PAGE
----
Wednesday, November 5, 2008

Ways to defeat ourselves

Ways to defeat ourselves
Ajit Doval
Jun 01, 2006
Source: Indian Express

On the face of it the two have no correlation. Fourth Generation Warfare (4GW), which has kept strategic thinkers engrossed for the last decade and a half, is about the what, why, where and how of future conflicts and possible responses. The reservation issue is an expression of anger and frustration in some of India’s bright youth against what they perceive as denial of justice and equality.
Before I explain the connection, let me explain what generation warfare is all about. Following the treaty of Westphalia in 1648 when fire arms began to dominate the battlefield, the concept of nation states started concretising and the state established monopoly on war, the first generation of modern warfare started. It involved massed manpower concentration of armies outnumbering the enemy. It lasted till machine guns and indirect fire made such tactics suicidal. The second generation warfare was based on massed fire power with heavy reliance on artillery; the tactics involving outdoing the adversary in fire power, speed and movement. The third generation warfare was based on manoeuvre and high technology exemplified by the Blitzkrieg of World War II. Later, strategic weapon systems made big wars un-winnable. Conventional wars became cost ineffective. There was no guarantee the state with superior weapons/ armies would necessarily emerge victorious (US in Vietnam, USSR in Afghanistan) and unpredictable post-war consequences could turn victories into net national disadvantage (Afghanistan and Iraq).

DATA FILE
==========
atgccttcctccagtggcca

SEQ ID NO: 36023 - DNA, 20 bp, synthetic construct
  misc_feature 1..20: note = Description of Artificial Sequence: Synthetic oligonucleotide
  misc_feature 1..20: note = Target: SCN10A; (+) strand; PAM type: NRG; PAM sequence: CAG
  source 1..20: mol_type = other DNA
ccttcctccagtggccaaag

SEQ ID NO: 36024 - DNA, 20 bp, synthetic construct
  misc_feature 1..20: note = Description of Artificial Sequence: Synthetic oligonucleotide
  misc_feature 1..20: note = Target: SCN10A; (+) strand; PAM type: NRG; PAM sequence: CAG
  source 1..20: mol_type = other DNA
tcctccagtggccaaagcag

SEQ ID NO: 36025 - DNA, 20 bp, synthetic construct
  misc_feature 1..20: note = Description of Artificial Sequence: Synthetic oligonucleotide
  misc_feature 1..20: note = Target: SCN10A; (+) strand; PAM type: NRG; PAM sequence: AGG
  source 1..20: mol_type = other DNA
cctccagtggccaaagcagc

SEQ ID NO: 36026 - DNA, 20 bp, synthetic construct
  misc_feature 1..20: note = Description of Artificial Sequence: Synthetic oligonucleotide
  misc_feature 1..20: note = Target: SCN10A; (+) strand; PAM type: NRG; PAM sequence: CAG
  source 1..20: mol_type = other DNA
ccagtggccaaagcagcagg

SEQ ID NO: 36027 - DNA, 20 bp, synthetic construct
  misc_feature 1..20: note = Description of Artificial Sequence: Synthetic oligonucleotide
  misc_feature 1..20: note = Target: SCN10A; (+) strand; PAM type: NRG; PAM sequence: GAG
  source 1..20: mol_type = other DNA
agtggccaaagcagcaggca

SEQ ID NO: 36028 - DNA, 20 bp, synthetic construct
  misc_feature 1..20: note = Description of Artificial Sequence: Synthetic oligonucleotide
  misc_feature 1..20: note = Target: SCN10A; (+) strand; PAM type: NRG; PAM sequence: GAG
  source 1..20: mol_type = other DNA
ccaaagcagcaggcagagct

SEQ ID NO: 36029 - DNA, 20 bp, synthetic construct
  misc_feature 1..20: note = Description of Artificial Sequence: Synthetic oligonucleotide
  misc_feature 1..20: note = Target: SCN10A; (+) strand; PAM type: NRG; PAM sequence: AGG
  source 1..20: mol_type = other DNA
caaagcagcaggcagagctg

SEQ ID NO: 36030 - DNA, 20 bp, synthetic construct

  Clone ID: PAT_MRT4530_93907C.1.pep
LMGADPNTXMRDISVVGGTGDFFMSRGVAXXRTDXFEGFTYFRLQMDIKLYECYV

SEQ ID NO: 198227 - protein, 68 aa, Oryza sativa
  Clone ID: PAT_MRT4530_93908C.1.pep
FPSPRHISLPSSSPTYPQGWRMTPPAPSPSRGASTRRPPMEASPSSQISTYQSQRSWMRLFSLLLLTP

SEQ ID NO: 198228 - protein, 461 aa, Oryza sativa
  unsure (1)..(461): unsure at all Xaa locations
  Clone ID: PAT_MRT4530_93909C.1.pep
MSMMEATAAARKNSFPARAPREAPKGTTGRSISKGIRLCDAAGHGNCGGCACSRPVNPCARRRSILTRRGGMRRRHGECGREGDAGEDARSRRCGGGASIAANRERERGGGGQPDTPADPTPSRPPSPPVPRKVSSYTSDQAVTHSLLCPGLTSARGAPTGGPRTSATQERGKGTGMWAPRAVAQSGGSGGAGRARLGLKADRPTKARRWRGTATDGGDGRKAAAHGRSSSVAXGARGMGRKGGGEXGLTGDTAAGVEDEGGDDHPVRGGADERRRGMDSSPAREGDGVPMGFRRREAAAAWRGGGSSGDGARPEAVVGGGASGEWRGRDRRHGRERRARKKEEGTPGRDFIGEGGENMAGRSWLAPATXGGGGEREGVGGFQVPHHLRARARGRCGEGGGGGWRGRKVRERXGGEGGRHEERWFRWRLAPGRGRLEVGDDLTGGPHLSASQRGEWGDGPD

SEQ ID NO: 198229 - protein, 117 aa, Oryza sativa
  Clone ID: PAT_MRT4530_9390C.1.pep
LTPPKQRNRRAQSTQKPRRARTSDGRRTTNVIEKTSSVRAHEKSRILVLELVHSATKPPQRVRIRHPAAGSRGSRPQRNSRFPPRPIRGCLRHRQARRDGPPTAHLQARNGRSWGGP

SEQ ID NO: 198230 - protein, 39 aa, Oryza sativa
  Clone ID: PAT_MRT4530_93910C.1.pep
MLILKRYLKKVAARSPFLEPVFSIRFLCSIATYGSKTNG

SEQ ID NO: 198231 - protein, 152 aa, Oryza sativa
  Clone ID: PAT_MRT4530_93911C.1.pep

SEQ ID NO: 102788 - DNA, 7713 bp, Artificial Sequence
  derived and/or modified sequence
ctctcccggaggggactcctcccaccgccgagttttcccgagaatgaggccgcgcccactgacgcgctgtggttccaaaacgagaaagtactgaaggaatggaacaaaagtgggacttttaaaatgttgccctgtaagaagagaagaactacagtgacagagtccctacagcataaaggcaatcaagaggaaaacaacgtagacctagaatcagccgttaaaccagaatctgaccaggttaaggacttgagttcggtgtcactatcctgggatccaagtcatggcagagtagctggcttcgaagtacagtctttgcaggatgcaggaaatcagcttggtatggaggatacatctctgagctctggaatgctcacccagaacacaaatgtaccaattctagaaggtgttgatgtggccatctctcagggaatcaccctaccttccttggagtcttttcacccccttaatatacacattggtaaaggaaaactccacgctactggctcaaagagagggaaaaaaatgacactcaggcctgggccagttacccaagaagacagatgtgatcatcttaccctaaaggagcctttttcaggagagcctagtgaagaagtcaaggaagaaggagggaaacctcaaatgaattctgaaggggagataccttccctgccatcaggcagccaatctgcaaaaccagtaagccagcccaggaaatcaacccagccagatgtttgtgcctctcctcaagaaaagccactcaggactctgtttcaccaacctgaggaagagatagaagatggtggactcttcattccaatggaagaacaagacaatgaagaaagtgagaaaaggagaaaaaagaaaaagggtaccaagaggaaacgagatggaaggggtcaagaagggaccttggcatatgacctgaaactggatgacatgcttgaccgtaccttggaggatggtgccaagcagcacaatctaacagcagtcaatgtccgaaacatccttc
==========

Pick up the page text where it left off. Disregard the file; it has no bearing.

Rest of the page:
This takes us to 4GW, warfare in which civil society becomes the critical element of war. Societal factors within a state will influence forces both within and without — who will launch the war, against whom, how and when. Societies and governments which lose their legitimacy and credibility will be the most vulnerable. If an adversary has to destabilise and bleed a nation to achieve its strategic, political or economic ends, a fractured society will provide a ready ground to exploit the faultlines. It costs much less, can be sustained for longer and, with a few exceptions, even those who become tools of external machination are ignorant of that.
And then, there is a more serious danger within. Fragmentation of society unleashes forces which can destabilise the state, retard its economic growth, undermine the rule of law and lead to violence. How many of us are brave enough to concede that what beleaguered Punjab, J&K, Northeast and now left-wing extremist areas was to some extent a consequence of divisive politics providing openings to our external adversaries? We can ignore history’s lessons only at our peril. A fragmented society loses its national will, which is key. After all, in battles military might is used to subdue the will of a nation to enable the victor to dictate its terms of peace. Divisive politics, in the blind pursuit of power, at times ignores the impact of actions on the will of the nation. When that happens a country becomes a soft ground for launching a 4GW by asymmetric adversaries.
The guru of 4GW, William S. Lind, observed: “If nation states are going to survive they (people in power) must earn and keep the trust of the governed.” He told the American Council of Foreign Relations: “The heart of 4GW is a crisis of legitimacy of the state.” How true to the Indian model when he added, “The establishment is no longer made up of ‘policy types’. Most of its members are placemen. Their expertise is in becoming and then remaining members of the establishment. Their reality is covert politics and not the competence or expertise.” When 4GW visits them their response would be to “close the shutters on the windows of Versailles”.